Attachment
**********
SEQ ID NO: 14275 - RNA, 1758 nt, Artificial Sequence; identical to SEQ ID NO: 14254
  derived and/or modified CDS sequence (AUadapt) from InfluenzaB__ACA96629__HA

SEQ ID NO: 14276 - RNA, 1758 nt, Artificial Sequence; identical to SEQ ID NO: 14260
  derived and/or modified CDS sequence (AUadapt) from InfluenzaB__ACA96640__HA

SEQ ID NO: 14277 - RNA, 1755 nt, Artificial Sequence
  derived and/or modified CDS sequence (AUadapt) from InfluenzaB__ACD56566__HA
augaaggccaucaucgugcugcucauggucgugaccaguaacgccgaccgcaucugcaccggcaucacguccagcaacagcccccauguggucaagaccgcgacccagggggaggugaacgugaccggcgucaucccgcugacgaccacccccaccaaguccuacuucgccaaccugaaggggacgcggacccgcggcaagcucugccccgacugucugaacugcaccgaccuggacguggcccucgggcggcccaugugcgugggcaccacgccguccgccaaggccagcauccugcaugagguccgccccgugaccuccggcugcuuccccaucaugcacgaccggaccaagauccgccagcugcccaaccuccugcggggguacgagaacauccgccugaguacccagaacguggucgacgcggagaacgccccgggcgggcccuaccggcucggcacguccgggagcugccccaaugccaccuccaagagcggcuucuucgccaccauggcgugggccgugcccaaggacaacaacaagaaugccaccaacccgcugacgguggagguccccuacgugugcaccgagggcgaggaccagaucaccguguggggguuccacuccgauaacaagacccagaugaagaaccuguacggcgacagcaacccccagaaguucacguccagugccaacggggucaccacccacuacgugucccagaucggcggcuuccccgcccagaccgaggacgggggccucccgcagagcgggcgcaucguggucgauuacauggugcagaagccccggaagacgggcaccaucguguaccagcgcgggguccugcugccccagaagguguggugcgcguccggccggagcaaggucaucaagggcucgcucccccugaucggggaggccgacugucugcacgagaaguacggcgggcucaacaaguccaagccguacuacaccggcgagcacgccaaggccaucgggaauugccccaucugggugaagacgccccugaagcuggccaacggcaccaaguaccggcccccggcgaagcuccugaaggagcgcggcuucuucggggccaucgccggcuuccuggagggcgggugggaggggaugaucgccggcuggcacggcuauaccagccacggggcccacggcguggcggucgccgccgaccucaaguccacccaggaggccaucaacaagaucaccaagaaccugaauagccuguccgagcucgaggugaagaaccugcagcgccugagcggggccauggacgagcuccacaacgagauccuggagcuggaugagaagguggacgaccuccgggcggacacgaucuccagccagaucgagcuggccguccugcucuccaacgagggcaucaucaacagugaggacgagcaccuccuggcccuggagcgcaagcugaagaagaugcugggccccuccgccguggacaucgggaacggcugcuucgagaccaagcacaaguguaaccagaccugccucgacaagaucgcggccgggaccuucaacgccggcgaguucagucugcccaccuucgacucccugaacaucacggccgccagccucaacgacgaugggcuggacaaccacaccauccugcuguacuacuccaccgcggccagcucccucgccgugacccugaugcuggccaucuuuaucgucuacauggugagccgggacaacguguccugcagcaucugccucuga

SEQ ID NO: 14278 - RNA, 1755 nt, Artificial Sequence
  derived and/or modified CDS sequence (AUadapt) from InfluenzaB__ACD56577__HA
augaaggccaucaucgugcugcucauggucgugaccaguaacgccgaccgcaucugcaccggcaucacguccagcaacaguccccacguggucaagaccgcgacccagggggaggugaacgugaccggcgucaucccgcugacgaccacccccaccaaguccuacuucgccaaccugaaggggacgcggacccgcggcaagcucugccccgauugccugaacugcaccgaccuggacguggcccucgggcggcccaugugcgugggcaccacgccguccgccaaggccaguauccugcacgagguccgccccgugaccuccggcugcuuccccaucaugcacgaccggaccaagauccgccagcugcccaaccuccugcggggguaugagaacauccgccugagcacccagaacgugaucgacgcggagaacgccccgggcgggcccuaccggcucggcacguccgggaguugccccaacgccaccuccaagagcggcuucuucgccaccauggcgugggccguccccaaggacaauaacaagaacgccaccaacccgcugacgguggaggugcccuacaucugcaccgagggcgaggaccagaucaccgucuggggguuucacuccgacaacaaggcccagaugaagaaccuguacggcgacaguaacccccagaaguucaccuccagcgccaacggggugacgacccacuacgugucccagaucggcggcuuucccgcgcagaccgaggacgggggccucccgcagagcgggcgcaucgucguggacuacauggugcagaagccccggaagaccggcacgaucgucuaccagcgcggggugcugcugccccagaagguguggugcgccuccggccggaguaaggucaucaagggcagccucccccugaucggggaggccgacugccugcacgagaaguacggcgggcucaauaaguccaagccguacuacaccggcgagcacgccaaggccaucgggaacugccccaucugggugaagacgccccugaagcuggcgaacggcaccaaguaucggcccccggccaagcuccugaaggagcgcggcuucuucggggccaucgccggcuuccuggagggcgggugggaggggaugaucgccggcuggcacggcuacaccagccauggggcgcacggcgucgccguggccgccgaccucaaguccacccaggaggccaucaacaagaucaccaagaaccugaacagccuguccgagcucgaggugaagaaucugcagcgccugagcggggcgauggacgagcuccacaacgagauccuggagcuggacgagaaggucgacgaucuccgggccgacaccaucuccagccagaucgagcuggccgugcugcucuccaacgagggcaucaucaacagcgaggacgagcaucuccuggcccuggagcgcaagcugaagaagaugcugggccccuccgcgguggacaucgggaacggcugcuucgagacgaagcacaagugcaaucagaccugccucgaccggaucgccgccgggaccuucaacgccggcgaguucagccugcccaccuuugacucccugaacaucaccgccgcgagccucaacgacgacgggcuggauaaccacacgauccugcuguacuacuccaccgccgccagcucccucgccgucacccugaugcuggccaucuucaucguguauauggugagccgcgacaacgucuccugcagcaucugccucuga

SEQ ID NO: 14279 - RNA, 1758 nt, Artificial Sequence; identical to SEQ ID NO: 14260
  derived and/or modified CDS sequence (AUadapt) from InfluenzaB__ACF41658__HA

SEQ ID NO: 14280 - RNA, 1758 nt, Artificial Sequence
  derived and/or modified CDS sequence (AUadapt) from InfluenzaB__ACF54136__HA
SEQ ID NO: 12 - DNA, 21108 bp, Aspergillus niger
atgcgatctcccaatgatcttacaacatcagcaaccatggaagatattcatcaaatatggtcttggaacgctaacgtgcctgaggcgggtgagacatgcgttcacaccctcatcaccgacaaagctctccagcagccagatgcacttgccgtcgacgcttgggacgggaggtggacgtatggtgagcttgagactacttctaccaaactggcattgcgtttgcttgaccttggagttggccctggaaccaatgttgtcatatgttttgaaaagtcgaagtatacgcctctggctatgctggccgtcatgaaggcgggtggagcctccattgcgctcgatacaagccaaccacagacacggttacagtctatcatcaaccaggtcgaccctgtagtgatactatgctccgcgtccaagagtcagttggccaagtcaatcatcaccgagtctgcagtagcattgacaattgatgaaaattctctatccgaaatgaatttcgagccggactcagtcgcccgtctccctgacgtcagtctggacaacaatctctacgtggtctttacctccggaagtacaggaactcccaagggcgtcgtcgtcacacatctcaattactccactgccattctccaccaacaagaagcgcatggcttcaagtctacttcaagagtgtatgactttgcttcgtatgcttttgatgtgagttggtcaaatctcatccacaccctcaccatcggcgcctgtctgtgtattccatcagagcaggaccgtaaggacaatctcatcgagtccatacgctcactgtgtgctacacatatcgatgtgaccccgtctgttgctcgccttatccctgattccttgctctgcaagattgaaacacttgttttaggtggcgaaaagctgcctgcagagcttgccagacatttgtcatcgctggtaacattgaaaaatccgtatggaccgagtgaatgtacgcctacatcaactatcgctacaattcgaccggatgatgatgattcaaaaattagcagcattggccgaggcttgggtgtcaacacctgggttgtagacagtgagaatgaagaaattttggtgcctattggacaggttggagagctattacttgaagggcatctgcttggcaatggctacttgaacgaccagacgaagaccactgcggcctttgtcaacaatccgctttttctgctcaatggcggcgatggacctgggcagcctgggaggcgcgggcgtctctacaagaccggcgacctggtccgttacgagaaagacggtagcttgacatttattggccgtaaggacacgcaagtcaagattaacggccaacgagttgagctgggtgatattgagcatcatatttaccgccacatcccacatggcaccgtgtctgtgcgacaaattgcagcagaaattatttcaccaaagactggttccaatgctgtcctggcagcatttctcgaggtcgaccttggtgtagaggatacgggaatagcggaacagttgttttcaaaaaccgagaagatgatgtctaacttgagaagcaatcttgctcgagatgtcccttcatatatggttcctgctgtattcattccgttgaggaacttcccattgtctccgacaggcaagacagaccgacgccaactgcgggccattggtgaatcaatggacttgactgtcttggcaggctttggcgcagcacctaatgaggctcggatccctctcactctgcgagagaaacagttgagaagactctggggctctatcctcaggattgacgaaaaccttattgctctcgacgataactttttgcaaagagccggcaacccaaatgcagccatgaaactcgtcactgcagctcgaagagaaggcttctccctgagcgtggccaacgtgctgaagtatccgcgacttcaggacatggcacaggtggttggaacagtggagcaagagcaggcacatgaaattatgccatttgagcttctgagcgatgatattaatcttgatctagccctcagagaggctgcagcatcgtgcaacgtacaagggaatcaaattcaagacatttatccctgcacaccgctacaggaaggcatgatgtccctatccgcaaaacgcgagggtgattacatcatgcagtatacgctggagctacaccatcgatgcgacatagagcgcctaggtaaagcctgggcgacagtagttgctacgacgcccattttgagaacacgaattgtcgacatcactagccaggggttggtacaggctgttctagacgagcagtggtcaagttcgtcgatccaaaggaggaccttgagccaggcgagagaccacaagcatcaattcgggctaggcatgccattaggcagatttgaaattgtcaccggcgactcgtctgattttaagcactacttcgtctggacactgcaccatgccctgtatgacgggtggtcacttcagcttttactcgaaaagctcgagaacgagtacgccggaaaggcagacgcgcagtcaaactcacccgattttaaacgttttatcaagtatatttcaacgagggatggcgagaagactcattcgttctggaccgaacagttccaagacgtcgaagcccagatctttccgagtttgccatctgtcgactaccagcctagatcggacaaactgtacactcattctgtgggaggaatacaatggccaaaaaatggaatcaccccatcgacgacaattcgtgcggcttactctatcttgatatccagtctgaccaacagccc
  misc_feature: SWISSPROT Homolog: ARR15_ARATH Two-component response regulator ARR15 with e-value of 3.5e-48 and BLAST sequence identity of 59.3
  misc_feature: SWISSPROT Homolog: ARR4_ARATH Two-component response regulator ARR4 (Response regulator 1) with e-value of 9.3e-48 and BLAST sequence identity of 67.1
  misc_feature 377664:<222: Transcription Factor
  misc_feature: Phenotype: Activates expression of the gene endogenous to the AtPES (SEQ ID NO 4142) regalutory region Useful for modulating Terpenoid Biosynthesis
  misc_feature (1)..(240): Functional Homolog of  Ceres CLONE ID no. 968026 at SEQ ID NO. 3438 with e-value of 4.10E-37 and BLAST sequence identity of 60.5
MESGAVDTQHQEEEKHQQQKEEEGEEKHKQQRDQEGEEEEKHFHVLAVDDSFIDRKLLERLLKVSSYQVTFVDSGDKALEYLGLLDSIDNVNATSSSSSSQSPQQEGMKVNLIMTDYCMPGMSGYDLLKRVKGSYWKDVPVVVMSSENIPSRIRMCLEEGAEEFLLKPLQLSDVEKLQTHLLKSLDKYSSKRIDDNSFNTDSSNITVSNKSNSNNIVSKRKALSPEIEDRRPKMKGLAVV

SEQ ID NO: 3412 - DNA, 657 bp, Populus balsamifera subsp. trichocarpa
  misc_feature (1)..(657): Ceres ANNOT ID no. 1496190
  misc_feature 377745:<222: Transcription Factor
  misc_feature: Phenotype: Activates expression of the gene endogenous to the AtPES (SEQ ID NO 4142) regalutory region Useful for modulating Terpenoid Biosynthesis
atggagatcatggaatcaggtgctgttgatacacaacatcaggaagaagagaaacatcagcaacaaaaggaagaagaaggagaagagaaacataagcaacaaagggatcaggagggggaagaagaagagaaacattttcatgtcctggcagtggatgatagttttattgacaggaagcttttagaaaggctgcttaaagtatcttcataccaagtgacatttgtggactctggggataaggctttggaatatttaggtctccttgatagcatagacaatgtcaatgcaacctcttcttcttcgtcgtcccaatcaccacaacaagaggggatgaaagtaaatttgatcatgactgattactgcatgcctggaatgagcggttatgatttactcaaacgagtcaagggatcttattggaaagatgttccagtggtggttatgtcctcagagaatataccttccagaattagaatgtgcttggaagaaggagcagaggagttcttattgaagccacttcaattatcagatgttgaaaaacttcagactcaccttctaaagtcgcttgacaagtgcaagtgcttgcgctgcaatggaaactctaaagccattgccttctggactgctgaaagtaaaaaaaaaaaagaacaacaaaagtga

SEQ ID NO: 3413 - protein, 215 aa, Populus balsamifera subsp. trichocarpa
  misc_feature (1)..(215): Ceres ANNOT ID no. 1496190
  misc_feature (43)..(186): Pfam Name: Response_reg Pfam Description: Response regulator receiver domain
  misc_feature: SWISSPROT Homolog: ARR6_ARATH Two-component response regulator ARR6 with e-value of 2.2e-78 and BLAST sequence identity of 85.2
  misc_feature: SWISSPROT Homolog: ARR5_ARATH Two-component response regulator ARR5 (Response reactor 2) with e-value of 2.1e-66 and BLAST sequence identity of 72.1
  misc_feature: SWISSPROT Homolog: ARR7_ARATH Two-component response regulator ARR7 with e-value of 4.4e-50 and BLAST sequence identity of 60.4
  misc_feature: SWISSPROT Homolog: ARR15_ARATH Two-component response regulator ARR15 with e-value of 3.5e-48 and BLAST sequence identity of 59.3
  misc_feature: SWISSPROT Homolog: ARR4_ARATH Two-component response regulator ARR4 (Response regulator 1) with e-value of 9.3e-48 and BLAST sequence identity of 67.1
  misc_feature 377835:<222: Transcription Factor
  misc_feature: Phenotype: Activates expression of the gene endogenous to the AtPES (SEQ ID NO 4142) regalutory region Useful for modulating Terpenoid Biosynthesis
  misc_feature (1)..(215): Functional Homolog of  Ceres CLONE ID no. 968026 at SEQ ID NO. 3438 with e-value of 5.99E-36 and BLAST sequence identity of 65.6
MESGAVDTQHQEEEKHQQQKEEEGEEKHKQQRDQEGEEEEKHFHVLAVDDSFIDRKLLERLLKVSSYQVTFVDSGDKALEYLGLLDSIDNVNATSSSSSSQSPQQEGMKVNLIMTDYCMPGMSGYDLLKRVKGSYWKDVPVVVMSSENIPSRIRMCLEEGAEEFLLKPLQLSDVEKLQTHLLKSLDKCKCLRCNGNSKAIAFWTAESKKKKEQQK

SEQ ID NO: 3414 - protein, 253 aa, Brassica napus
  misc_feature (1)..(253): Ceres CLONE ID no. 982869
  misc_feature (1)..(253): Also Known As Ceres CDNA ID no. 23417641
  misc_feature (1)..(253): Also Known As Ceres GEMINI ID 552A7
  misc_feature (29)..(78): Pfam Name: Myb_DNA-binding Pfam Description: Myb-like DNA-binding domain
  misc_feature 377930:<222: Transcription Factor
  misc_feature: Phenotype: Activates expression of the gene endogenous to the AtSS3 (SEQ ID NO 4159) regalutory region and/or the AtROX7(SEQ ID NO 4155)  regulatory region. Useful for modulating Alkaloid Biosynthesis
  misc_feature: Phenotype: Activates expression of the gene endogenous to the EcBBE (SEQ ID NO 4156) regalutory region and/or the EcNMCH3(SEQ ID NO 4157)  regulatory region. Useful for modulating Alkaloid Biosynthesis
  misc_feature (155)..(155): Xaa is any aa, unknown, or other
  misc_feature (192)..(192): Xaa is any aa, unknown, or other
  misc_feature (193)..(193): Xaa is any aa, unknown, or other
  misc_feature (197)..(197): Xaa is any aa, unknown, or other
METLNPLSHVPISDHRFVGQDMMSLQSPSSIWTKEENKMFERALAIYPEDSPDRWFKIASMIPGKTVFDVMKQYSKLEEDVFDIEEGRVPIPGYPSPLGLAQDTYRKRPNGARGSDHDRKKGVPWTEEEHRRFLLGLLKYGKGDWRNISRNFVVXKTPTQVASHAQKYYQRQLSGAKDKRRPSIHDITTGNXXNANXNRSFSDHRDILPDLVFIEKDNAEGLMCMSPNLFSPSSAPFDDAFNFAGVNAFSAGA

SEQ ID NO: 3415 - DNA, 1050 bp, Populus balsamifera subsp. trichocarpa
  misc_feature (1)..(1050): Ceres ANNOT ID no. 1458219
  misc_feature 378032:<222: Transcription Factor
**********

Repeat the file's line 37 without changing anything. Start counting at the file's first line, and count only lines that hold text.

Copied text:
  misc_feature: Phenotype: Activates expression of the gene endogenous to the AtPES (SEQ ID NO 4142) regalutory region Useful for modulating Terpenoid Biosynthesis